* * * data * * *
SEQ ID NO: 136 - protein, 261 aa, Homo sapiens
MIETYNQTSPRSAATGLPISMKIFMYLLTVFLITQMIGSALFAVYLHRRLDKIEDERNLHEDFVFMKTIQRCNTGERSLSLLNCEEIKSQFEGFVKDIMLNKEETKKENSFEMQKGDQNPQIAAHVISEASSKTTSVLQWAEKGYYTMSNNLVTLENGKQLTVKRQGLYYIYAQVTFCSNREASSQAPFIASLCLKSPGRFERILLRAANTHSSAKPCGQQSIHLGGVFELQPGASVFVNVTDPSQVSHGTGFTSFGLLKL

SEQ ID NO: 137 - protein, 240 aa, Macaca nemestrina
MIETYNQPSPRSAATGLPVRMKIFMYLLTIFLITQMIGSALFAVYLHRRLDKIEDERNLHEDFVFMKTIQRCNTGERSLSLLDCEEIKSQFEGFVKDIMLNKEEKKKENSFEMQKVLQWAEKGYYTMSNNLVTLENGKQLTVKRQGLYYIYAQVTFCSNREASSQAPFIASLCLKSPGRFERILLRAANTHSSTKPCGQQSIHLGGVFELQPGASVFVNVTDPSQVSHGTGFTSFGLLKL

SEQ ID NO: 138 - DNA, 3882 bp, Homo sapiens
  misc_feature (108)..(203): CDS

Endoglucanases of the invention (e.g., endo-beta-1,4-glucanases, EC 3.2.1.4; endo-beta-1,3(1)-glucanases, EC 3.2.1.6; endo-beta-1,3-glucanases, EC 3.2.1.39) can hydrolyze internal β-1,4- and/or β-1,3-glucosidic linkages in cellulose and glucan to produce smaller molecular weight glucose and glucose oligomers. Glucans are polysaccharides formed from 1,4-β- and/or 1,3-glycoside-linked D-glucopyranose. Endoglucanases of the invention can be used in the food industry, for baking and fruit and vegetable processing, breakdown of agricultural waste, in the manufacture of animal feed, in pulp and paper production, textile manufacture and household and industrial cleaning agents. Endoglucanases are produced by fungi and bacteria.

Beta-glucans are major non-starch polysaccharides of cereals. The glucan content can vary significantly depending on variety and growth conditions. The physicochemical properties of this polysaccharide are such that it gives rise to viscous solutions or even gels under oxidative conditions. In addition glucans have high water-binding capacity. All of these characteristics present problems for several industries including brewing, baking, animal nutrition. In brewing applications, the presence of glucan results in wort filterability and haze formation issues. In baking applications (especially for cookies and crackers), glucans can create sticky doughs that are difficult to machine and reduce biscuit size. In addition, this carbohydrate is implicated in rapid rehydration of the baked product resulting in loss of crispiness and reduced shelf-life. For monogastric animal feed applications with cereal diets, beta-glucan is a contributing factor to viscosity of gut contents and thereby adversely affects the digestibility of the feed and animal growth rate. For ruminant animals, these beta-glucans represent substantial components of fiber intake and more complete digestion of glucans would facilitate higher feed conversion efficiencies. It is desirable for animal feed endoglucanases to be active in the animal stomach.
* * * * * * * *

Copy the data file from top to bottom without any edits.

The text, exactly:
SEQ ID NO: 136 - protein, 261 aa, Homo sapiens
MIETYNQTSPRSAATGLPISMKIFMYLLTVFLITQMIGSALFAVYLHRRLDKIEDERNLHEDFVFMKTIQRCNTGERSLSLLNCEEIKSQFEGFVKDIMLNKEETKKENSFEMQKGDQNPQIAAHVISEASSKTTSVLQWAEKGYYTMSNNLVTLENGKQLTVKRQGLYYIYAQVTFCSNREASSQAPFIASLCLKSPGRFERILLRAANTHSSAKPCGQQSIHLGGVFELQPGASVFVNVTDPSQVSHGTGFTSFGLLKL

SEQ ID NO: 137 - protein, 240 aa, Macaca nemestrina
MIETYNQPSPRSAATGLPVRMKIFMYLLTIFLITQMIGSALFAVYLHRRLDKIEDERNLHEDFVFMKTIQRCNTGERSLSLLDCEEIKSQFEGFVKDIMLNKEEKKKENSFEMQKVLQWAEKGYYTMSNNLVTLENGKQLTVKRQGLYYIYAQVTFCSNREASSQAPFIASLCLKSPGRFERILLRAANTHSSTKPCGQQSIHLGGVFELQPGASVFVNVTDPSQVSHGTGFTSFGLLKL

SEQ ID NO: 138 - DNA, 3882 bp, Homo sapiens
  misc_feature (108)..(203): CDS

Endoglucanases of the invention (e.g., endo-beta-1,4-glucanases, EC 3.2.1.4; endo-beta-1,3(1)-glucanases, EC 3.2.1.6; endo-beta-1,3-glucanases, EC 3.2.1.39) can hydrolyze internal β-1,4- and/or β-1,3-glucosidic linkages in cellulose and glucan to produce smaller molecular weight glucose and glucose oligomers. Glucans are polysaccharides formed from 1,4-β- and/or 1,3-glycoside-linked D-glucopyranose. Endoglucanases of the invention can be used in the food industry, for baking and fruit and vegetable processing, breakdown of agricultural waste, in the manufacture of animal feed, in pulp and paper production, textile manufacture and household and industrial cleaning agents. Endoglucanases are produced by fungi and bacteria.

Beta-glucans are major non-starch polysaccharides of cereals. The glucan content can vary significantly depending on variety and growth conditions. The physicochemical properties of this polysaccharide are such that it gives rise to viscous solutions or even gels under oxidative conditions. In addition glucans have high water-binding capacity. All of these characteristics present problems for several industries including brewing, baking, animal nutrition. In brewing applications, the presence of glucan results in wort filterability and haze formation issues. In baking applications (especially for cookies and crackers), glucans can create sticky doughs that are difficult to machine and reduce biscuit size. In addition, this carbohydrate is implicated in rapid rehydration of the baked product resulting in loss of crispiness and reduced shelf-life. For monogastric animal feed applications with cereal diets, beta-glucan is a contributing factor to viscosity of gut contents and thereby adversely affects the digestibility of the feed and animal growth rate. For ruminant animals, these beta-glucans represent substantial components of fiber intake and more complete digestion of glucans would facilitate higher feed conversion efficiencies. It is desirable for animal feed endoglucanases to be active in the animal stomach.